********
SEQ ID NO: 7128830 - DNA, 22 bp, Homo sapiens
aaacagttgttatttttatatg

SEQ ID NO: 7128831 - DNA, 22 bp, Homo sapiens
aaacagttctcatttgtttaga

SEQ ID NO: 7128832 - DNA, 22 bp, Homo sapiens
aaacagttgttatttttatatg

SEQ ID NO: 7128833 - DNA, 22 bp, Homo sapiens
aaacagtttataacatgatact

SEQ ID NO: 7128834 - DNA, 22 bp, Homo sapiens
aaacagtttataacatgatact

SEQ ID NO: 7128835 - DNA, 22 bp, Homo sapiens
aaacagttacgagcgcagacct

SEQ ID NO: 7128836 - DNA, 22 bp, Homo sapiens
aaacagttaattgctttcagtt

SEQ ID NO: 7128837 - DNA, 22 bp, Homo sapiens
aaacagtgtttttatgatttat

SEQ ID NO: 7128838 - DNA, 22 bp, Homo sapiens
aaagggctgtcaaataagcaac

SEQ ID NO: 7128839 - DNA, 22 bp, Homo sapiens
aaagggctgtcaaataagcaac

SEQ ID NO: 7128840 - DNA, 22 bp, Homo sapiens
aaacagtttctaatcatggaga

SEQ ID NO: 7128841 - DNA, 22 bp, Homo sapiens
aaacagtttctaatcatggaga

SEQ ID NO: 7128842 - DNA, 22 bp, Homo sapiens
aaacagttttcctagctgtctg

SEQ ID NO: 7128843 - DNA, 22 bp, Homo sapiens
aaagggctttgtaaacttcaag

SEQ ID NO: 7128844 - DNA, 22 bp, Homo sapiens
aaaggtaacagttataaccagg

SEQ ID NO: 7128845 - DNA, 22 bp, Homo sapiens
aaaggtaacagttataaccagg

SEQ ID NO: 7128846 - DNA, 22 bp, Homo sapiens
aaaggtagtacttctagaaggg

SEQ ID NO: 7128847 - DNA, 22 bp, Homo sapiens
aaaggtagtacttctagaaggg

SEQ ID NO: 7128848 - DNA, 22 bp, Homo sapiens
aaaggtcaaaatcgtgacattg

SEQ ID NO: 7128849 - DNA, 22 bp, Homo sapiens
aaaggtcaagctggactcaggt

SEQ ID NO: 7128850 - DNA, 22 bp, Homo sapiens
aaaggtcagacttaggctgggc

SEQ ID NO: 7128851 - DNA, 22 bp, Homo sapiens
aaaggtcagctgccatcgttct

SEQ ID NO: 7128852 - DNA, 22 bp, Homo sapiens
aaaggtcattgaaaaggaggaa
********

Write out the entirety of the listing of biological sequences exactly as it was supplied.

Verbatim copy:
SEQ ID NO: 7128830 - DNA, 22 bp, Homo sapiens
aaacagttgttatttttatatg

SEQ ID NO: 7128831 - DNA, 22 bp, Homo sapiens
aaacagttctcatttgtttaga

SEQ ID NO: 7128832 - DNA, 22 bp, Homo sapiens
aaacagttgttatttttatatg

SEQ ID NO: 7128833 - DNA, 22 bp, Homo sapiens
aaacagtttataacatgatact

SEQ ID NO: 7128834 - DNA, 22 bp, Homo sapiens
aaacagtttataacatgatact

SEQ ID NO: 7128835 - DNA, 22 bp, Homo sapiens
aaacagttacgagcgcagacct

SEQ ID NO: 7128836 - DNA, 22 bp, Homo sapiens
aaacagttaattgctttcagtt

SEQ ID NO: 7128837 - DNA, 22 bp, Homo sapiens
aaacagtgtttttatgatttat

SEQ ID NO: 7128838 - DNA, 22 bp, Homo sapiens
aaagggctgtcaaataagcaac

SEQ ID NO: 7128839 - DNA, 22 bp, Homo sapiens
aaagggctgtcaaataagcaac

SEQ ID NO: 7128840 - DNA, 22 bp, Homo sapiens
aaacagtttctaatcatggaga

SEQ ID NO: 7128841 - DNA, 22 bp, Homo sapiens
aaacagtttctaatcatggaga

SEQ ID NO: 7128842 - DNA, 22 bp, Homo sapiens
aaacagttttcctagctgtctg

SEQ ID NO: 7128843 - DNA, 22 bp, Homo sapiens
aaagggctttgtaaacttcaag

SEQ ID NO: 7128844 - DNA, 22 bp, Homo sapiens
aaaggtaacagttataaccagg

SEQ ID NO: 7128845 - DNA, 22 bp, Homo sapiens
aaaggtaacagttataaccagg

SEQ ID NO: 7128846 - DNA, 22 bp, Homo sapiens
aaaggtagtacttctagaaggg

SEQ ID NO: 7128847 - DNA, 22 bp, Homo sapiens
aaaggtagtacttctagaaggg

SEQ ID NO: 7128848 - DNA, 22 bp, Homo sapiens
aaaggtcaaaatcgtgacattg

SEQ ID NO: 7128849 - DNA, 22 bp, Homo sapiens
aaaggtcaagctggactcaggt

SEQ ID NO: 7128850 - DNA, 22 bp, Homo sapiens
aaaggtcagacttaggctgggc

SEQ ID NO: 7128851 - DNA, 22 bp, Homo sapiens
aaaggtcagctgccatcgttct

SEQ ID NO: 7128852 - DNA, 22 bp, Homo sapiens
aaaggtcattgaaaaggaggaa